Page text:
“The explosion of bike culture in New York has made Bicycle Habitat a mecca where anything from the $5,000-bikes favored by pros and celebrities to the solid Trek bike for commuting across the Manhattan bridge is available; and its staff, die-hard enthusiasts who are as likely to look like Lower East Side punks as intense athletes (they are often both), its encyclopedic collection of bikes (and New York customers), combined with its ground-floor-loft styling and no-frills street-appearance makes it a bit of a trip into the past, when august independent New York stores were international authorities on their trade. Think of The Strand for books, of B & H Photo for cameras, of J & R Music World for sound equipment, or Paragon Sports for gear. It’s a world that’s rapidly fading, crushed under chain stores and high rent prices, but Bicycle Habitat isn’t going anywhere.”— In a changed city, Soho bike mecca Bicycle Habitat grows up
“I am not a product of Albany,” she said, wearing a silk shirt with the top three buttons undone, at a media roundtable discussion at a conference table in the building on 37th Street and 10th Avenue where her campaign headquarters are located. “I am not part of the Albany culture.”— Kathleen Rice, Cuomo’s A.G. candidate, stays on message.
Glynnis wonders if this Mosque insanity isn’t New York reacting suddenly - snapping, really - to 9/11 in a way that was simply not possible nine years ago. More from her very smart piece:
New York in the weeks and months following 9/11 was a city full of shell-shocked residents learning to live with day-to-day fear. A 45-minute delay on the L-train was panic-inducing. Lights off at the Empire State building too early was enough to start rumors of bomb threats. A power plant explosion on the East Side of Manhattan in the summer of 2002 that shut power down on the downtown east side was enough to send people scrambling to the phone to find out if we were under attack again.
Adam Gopnik wrote a piece for the New Yorker in June of 2002 that said a drawing of New York City at that moment would show “8 million people, each person standing on a pole above an abyss of anxiety — not looking down, never looking down, looking only from side to side, warily.”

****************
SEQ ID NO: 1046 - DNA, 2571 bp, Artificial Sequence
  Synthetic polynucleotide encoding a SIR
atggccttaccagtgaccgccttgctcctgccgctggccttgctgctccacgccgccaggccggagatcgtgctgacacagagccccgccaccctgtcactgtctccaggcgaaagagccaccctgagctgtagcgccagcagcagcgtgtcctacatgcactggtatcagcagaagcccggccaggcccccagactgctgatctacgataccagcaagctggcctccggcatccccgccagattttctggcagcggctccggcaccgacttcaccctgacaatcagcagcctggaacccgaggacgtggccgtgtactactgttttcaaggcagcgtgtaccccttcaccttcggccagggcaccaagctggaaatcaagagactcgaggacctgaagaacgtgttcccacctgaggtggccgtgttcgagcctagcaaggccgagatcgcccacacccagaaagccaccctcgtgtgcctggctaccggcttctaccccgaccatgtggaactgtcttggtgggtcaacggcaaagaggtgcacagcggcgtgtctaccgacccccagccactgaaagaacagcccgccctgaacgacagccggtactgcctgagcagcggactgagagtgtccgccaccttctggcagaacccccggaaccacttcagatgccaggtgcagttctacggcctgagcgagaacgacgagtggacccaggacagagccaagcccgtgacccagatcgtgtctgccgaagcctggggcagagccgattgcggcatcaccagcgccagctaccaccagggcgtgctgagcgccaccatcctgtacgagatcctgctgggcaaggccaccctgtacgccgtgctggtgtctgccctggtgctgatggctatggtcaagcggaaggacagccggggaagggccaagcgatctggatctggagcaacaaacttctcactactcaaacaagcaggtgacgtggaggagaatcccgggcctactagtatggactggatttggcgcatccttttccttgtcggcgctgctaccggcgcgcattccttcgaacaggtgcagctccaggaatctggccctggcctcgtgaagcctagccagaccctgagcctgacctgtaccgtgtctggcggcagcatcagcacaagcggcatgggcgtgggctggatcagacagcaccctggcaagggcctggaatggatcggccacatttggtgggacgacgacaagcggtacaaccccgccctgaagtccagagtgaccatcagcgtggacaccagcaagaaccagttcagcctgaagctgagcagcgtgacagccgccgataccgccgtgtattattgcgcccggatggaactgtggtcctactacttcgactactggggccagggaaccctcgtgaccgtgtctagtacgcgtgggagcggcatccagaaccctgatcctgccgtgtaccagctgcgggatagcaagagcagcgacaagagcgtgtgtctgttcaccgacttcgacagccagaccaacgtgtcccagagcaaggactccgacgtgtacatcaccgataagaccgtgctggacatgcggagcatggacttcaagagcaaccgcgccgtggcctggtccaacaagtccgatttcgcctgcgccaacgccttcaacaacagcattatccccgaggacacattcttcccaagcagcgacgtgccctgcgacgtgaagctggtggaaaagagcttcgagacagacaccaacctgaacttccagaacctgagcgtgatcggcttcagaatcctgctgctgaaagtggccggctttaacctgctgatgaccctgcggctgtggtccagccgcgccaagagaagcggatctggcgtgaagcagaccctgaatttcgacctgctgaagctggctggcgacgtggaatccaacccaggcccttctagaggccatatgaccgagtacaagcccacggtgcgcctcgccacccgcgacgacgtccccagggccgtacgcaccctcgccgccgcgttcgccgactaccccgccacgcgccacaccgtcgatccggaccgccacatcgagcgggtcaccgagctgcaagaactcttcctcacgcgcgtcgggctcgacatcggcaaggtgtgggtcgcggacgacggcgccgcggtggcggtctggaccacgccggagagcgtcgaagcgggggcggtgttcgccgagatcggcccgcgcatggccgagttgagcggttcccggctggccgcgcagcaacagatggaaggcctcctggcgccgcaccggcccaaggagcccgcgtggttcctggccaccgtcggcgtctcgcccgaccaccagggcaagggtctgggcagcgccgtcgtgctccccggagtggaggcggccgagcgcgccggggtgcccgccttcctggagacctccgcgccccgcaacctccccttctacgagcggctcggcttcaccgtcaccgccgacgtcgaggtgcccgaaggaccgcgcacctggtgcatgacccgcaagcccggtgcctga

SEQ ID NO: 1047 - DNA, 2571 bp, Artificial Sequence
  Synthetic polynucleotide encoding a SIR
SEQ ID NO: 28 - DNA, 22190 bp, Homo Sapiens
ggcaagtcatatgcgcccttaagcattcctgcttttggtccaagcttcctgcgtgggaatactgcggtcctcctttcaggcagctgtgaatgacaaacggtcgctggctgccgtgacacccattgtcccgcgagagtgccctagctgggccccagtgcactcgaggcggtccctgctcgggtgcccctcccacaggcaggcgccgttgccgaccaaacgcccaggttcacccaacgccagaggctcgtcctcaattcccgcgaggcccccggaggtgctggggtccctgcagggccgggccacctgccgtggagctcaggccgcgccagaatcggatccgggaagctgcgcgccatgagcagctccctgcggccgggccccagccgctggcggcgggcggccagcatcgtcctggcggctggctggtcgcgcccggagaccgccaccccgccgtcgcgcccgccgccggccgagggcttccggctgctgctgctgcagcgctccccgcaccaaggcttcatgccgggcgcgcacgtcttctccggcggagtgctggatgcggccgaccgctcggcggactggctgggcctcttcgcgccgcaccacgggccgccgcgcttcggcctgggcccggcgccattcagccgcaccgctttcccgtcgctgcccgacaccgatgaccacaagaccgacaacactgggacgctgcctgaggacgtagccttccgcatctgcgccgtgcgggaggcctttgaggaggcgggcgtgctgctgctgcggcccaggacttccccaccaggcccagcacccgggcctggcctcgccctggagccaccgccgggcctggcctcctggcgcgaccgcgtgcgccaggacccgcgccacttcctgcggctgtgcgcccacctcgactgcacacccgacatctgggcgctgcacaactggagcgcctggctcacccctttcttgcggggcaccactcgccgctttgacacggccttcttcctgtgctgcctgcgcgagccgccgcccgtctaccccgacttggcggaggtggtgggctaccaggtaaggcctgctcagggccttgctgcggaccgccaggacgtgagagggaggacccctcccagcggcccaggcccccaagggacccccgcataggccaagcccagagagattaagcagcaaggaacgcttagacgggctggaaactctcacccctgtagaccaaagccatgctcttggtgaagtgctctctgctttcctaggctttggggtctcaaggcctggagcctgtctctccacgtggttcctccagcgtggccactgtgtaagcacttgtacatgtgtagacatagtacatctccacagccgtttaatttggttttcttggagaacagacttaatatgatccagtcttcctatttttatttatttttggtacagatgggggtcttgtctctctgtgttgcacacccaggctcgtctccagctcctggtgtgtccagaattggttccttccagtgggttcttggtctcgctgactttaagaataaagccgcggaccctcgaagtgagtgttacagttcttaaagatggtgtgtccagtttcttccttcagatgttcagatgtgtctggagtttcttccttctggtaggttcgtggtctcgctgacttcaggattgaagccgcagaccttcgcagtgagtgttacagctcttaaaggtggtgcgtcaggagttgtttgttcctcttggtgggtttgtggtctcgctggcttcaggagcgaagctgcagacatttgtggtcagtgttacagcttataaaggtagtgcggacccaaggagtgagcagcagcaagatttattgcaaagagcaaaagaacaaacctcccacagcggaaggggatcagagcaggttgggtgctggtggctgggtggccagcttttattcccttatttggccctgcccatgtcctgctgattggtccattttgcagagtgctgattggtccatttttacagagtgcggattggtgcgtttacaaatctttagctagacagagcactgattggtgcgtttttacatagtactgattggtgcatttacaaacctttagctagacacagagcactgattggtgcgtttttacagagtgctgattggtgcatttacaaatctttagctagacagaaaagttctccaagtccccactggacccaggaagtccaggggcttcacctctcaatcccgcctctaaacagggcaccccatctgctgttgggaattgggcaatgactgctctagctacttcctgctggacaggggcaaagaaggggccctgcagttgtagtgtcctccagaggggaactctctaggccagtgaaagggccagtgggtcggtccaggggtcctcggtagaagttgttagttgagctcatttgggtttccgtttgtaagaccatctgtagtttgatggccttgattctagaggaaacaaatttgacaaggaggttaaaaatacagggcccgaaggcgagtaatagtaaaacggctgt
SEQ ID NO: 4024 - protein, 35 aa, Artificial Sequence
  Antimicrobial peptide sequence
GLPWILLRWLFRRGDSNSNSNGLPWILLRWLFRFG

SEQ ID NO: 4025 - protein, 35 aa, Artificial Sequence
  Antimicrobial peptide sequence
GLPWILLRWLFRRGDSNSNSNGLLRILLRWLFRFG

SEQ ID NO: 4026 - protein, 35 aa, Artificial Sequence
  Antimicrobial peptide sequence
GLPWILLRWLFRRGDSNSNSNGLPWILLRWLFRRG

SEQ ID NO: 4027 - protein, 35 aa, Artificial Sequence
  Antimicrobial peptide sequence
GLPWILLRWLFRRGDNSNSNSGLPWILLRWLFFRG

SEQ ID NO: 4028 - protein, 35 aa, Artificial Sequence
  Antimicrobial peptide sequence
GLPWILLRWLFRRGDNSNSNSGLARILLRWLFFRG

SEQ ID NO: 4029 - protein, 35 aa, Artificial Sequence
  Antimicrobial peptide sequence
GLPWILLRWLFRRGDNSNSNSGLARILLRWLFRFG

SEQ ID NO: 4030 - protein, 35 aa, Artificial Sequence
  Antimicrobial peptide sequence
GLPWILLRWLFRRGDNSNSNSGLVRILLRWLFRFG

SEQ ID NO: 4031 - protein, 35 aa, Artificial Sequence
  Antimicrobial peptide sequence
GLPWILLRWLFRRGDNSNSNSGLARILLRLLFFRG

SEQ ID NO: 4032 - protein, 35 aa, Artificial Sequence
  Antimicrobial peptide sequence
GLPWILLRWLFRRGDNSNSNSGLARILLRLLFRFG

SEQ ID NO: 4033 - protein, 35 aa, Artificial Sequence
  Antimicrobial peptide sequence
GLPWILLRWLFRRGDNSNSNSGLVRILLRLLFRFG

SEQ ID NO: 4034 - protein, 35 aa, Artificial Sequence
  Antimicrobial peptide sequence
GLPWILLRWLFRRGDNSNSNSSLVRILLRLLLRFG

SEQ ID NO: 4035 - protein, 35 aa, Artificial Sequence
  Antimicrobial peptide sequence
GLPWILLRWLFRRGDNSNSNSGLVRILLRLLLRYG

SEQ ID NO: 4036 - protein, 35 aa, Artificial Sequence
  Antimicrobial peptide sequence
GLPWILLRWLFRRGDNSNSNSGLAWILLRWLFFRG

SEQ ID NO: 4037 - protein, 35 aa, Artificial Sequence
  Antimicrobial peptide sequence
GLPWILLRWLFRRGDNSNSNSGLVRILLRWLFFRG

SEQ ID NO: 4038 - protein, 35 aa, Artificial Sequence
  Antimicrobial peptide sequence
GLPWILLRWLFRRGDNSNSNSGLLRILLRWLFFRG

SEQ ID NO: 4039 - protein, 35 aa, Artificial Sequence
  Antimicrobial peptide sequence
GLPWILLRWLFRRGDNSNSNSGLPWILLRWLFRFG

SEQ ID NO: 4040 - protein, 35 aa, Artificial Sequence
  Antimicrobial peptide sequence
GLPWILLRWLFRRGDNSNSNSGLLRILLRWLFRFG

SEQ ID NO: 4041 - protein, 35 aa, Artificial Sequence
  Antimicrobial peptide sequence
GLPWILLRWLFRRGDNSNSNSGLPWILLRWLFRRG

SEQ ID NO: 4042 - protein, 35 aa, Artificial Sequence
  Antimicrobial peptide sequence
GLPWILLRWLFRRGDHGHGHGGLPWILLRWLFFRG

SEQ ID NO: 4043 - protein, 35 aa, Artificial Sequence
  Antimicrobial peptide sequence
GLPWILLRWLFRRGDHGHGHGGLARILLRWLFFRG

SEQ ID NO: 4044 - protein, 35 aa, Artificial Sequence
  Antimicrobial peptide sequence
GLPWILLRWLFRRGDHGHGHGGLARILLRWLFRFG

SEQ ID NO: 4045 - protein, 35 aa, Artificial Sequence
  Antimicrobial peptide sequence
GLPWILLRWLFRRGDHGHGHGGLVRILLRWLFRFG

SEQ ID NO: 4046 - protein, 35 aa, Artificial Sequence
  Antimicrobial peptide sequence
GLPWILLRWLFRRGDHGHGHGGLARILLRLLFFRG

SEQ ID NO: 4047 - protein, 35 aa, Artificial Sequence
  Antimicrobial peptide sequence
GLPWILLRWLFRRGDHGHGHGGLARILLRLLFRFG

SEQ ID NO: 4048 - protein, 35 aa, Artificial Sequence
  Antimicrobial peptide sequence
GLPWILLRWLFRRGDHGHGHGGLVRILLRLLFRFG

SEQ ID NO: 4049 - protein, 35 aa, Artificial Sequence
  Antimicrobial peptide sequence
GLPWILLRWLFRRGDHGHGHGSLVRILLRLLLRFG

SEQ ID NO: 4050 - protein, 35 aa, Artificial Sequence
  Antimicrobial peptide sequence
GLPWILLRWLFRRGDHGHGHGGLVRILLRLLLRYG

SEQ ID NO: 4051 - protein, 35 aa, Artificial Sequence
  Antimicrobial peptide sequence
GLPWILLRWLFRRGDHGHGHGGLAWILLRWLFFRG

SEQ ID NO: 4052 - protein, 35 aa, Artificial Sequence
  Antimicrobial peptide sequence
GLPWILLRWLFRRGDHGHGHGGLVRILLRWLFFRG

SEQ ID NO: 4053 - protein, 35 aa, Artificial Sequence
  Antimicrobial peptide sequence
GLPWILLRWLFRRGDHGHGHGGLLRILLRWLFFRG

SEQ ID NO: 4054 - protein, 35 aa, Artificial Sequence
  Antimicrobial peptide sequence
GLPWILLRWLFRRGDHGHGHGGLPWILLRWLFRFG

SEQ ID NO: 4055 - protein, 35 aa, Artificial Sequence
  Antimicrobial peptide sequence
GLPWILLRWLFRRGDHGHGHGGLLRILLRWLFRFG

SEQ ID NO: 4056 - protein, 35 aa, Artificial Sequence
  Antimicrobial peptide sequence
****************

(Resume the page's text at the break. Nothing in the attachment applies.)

My point is this: In the aftermath of 9/11 in New York City, there was no emotional room for the sort of furor we have seen this mosque generate. None.
No, but really, there have been entire books and magazine issues addressing this question. And although we have a few ideas (quality over quantity, original reporting over scraped content, a variety of curation in all kinds of formats from data visualization to photos to mobile applications to magazine-length pieces), the only thing we know for sure about the future of journalism is that it will be changing continually and we have to be ready to adapt to evolving news trends and reading habits.
From The Paris Review, a voice actor searches for himself in Red Dead Redemption:
A week later, I went into Rockstar Games in Soho for the recording and screamed two hours of lines as Marshall Leigh Johnson. I threatened, chased, arrested, and killed people. I even died. I didn’t just die, I died with an accent. I was in the freaking zone.
“Can music create change? Can it bring people together? Perhaps more to the point, can political music be good? In the past, composers have had uneven results with it. Sometimes—as with Benjamin Britten’s War Requiem—they end up creating a masterpiece. Sometimes—as with John Adams’ opera The Death of Klinghoffer—they get protested. Sometimes—as with Mr. Adams’ self-described “memory space” about 9/11, On the Transmigration of Souls—they’re cloying and heavy-handed. But for many members of a young generation of composers, it’s a given that their works should engage social and political issues and fulfill a broader ambition than aesthetic satisfaction.”— Zachary Woolfe | When political music is good: Ted Hearne’s ‘Katrina Ballads’ | Capital New York